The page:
Neighborhood projects get $1.24 million from Seattle City Council

Community Orchard and Lafayette Play it forward programs included in 2010

On Aug. 2 the Seattle City Council approved $1.24 million in awards to support neighborhood projects.

Included in the 2010 budget were the Community Orchard of West Seattle who are building a new orchard to eventually support 30 new fruit trees and 36 berry bushes. In addition, volunteers will assist with art projects to develop a gate, patio, signage, tables, and benches, that will create an inviting community green space. Also part of the 2010 budget was the "Play It Forward" project whose goal is to replace the current play structure and update the play area to make an updated, safe, and fun play area/public space for Lafayette students and local neighborhood residents.

Seventeen community organizations will receive funds from Seattle Department of Neighborhoods' Matching Fund Program for projects as diverse as the renovation of historic cottages, playground improvements and youth arts education.

Seattle Department of Neighborhoods' Large Projects Fund annually provides cash awards up to $100,000 to neighborhood organizations committed to fostering and building a better community.The funding matches privately-raised money, donated materials, and volunteer labor. The 2010 awards range from $25,100 to $100,000 and communities are matching the city's $1.24 million contribution with resources valued at nearly $1.25 million.Here is a listing of the 2010 award recipients.

"In tough economic times like these, the incredible value the Neighborhood Matching Fund projects provides across our city becomes apparent," said Councilmember Mike O'Brien, chair of the Seattle Public Utilities and Neighborhoods Committee. "Community volunteers invest $1.52 of donations and sweat equity for every $1 of taxpayer support.It's a win-win for the neighborhood and the city."

Every application to the Large Projects Funds undergoes a thorough evaluation process. Applications are reviewed by District Council Review Teams as well the Citywide Review Team (CRT), a group of representatives from each of the 13 Neighborhood Districts with 4 at-large community members,These volunteers spent 80+ hours reading applications, interviewing applicants, attending meetings, and making funding recommendations for each applicant over a six week period. "What a perfect example of a true partnership between the City and the community; the Citywide Review Team members' personal commitment and community expertise is at the core of the success of the Large Projects Fund," states Stella Chao, director of Seattle Department of Neighborhoods."What a perfect time for us to be supporting community volunteerism and creativeness to keep our neighborhoods strong!"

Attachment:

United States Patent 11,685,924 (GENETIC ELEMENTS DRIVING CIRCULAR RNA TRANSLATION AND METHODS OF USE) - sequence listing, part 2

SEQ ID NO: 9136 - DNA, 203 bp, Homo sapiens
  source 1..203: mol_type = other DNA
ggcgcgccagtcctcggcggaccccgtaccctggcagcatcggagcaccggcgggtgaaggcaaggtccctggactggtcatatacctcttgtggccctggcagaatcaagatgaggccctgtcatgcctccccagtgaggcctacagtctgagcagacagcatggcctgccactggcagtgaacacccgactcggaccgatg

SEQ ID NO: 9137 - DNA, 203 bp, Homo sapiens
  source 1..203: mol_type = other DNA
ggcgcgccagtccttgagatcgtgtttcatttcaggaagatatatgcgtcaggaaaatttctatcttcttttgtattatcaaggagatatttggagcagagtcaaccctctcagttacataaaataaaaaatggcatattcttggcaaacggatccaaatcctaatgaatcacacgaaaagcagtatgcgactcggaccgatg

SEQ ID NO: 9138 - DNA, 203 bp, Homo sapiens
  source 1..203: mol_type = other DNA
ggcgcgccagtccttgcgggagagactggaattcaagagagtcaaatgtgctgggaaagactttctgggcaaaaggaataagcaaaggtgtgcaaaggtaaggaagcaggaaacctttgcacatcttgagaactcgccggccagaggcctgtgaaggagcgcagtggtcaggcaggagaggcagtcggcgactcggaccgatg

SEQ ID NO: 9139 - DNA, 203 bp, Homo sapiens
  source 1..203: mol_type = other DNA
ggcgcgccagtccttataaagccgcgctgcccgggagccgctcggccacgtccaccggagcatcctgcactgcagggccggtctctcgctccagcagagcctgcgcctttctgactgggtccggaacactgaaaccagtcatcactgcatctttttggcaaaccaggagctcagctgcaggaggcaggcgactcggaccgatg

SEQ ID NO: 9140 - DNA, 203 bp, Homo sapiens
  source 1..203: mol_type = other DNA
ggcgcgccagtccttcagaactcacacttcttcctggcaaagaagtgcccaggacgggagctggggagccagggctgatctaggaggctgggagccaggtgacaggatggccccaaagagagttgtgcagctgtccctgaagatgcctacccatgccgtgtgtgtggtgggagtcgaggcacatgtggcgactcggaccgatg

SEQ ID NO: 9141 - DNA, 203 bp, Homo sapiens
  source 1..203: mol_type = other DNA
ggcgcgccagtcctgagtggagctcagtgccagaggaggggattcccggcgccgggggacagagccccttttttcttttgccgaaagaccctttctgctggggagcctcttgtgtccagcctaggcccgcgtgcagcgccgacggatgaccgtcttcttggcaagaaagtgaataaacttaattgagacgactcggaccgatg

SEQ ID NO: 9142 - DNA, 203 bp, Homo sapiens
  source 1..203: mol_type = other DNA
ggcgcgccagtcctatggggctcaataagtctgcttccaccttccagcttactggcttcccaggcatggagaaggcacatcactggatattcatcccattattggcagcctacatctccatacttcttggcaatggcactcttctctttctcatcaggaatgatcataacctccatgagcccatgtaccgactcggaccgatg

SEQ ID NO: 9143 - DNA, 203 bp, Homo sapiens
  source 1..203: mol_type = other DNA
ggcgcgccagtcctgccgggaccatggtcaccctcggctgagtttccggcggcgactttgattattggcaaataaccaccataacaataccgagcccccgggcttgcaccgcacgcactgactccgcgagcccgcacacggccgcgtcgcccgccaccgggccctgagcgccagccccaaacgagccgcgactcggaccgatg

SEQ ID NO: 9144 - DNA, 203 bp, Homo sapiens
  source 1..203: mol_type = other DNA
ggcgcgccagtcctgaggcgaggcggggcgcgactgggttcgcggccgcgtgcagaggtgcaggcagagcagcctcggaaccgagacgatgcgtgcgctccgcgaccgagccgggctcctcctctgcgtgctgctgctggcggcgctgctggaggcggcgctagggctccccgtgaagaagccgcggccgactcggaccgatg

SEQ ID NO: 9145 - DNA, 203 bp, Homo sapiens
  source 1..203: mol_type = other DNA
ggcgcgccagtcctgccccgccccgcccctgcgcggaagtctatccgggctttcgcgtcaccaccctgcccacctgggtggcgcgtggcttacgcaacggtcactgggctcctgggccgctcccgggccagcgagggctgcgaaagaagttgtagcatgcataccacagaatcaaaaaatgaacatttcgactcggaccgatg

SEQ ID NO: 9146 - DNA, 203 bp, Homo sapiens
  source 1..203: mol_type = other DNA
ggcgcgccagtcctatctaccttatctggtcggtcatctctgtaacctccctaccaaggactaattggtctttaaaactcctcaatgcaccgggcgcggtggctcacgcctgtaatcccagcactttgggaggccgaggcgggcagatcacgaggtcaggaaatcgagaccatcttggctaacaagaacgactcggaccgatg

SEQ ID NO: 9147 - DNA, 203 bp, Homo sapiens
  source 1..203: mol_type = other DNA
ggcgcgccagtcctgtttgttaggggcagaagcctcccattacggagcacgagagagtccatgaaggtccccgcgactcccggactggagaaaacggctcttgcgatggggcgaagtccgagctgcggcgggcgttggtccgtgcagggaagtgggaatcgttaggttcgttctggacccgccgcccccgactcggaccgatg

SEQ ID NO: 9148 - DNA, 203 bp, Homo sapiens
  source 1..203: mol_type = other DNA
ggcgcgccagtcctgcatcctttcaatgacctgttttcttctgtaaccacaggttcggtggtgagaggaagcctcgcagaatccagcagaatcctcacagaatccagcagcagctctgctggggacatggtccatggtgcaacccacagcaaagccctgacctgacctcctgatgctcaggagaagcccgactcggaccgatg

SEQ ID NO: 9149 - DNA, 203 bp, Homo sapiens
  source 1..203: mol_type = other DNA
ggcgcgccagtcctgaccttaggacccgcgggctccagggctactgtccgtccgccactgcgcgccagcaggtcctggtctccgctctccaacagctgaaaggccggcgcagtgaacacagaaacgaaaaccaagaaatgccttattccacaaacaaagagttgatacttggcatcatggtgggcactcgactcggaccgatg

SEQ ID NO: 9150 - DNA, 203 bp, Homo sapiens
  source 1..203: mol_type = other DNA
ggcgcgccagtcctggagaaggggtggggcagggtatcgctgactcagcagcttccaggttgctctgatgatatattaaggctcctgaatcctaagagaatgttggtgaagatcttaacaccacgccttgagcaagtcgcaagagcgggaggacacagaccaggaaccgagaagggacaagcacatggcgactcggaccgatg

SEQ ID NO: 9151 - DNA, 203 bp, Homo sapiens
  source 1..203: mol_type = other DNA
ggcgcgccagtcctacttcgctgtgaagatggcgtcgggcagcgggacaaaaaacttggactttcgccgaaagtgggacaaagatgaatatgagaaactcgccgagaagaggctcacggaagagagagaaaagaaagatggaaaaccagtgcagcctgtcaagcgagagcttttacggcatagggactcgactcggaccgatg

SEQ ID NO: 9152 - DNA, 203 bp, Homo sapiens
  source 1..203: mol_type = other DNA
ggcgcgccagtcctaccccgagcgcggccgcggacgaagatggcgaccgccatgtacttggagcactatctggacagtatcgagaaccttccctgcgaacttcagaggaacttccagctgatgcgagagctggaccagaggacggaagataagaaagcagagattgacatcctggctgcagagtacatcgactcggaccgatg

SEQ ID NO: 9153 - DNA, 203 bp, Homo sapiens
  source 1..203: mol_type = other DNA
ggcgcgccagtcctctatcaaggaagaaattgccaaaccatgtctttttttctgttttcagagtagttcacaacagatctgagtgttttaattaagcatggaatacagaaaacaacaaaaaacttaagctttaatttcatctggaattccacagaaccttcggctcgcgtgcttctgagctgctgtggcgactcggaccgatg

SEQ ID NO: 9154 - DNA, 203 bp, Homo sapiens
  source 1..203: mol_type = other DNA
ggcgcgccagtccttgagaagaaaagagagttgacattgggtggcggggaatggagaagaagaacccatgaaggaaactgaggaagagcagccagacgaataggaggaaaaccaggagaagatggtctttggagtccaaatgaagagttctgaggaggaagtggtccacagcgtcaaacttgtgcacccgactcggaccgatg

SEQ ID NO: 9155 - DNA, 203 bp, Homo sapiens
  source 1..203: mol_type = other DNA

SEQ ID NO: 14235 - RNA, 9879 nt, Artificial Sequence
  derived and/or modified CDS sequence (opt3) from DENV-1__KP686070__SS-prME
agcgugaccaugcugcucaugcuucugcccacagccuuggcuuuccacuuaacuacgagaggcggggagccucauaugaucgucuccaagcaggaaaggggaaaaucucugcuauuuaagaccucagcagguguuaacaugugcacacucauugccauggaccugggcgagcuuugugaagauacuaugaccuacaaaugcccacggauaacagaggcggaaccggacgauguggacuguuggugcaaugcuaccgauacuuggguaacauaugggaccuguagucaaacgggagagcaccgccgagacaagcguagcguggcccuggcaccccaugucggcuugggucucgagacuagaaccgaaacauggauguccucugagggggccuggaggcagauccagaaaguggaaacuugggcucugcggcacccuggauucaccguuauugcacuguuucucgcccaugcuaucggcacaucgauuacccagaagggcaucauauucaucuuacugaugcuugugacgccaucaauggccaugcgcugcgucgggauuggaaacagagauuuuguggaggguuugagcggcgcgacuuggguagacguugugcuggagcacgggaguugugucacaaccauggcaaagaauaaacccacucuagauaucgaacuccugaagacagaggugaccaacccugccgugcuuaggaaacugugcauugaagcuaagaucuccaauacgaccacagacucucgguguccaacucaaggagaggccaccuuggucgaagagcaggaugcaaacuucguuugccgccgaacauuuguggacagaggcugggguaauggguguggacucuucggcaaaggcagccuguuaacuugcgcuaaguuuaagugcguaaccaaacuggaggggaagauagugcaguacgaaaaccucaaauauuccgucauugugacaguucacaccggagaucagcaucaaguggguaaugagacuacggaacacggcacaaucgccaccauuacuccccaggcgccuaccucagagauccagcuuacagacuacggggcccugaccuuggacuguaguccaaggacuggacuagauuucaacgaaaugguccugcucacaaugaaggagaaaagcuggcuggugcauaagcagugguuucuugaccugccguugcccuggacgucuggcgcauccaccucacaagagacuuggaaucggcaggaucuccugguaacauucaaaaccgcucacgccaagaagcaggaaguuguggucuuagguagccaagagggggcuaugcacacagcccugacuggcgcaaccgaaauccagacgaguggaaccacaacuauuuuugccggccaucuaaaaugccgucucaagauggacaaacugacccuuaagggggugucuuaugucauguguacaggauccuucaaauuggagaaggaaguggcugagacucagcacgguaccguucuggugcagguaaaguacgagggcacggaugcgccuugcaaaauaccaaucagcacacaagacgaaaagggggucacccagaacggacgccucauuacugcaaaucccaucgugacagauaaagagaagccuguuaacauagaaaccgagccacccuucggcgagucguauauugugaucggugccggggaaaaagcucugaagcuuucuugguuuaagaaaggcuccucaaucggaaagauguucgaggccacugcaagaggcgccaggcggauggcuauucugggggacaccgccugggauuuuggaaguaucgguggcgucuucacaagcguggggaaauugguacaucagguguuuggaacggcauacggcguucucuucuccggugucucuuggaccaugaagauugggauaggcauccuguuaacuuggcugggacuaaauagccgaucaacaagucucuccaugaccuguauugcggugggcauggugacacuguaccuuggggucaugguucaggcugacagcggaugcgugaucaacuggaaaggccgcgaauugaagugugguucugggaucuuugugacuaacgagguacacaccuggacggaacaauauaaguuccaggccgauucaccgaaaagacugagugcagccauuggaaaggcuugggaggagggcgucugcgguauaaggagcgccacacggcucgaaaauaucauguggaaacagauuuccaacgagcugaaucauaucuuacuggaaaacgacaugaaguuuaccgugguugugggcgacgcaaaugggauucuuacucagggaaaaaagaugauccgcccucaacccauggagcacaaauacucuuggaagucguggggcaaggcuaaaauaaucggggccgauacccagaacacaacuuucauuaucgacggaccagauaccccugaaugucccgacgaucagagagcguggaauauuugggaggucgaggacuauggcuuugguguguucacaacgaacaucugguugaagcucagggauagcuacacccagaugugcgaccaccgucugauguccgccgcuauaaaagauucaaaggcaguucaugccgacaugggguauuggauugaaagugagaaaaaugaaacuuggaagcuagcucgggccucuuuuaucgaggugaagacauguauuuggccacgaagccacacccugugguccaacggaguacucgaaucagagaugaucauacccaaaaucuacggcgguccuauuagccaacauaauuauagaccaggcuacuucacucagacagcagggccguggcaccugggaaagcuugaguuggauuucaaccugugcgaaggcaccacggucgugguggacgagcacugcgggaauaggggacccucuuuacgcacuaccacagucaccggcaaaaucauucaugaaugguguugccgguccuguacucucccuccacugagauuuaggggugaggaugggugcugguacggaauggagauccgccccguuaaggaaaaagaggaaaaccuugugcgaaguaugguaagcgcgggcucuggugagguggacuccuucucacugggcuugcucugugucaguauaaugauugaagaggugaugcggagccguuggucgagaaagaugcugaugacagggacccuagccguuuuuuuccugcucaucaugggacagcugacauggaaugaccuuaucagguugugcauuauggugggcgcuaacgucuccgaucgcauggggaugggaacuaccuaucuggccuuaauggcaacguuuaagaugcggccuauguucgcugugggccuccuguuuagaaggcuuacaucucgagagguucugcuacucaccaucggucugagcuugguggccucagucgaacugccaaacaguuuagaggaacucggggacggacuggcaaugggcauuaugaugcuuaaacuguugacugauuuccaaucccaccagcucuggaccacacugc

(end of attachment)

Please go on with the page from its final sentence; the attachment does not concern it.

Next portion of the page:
"Not only has the Neighborhood Matching Fund produced incredible projects over the past 22 years, it's created enduring partnerships through its amazing network of volunteers," said Councilmember Nick Licata. "I shudder to think what Seattle might be like today without these neighborhood improvements."

"I'm not alone in feeling that our CRT investment of time is the coolest and most rewarding thing we do," said Janis Traven, member of the CRT and Magnolia/Queen Anne District Council."Each project captured both our imagination and respect for the inclusive and creative ways envisioned to strengthen neighborhood and build community. I'd happily dedicate twice as much time to CRT, and think that the (Neighborhood Matching Fund) budget should be quadrupled - it's tremendous bang for the buck for the City."

Since the program was created 22 years ago, the Neighborhood Matching Fund has awarded more than $46 million with a community match of more than $69 million.Projects have involved nearly 82,000 volunteers who have donated over 569,000 work hours.

To learn more about the Fund, visit www.seattle.gov/neighborhoods/nmf/.

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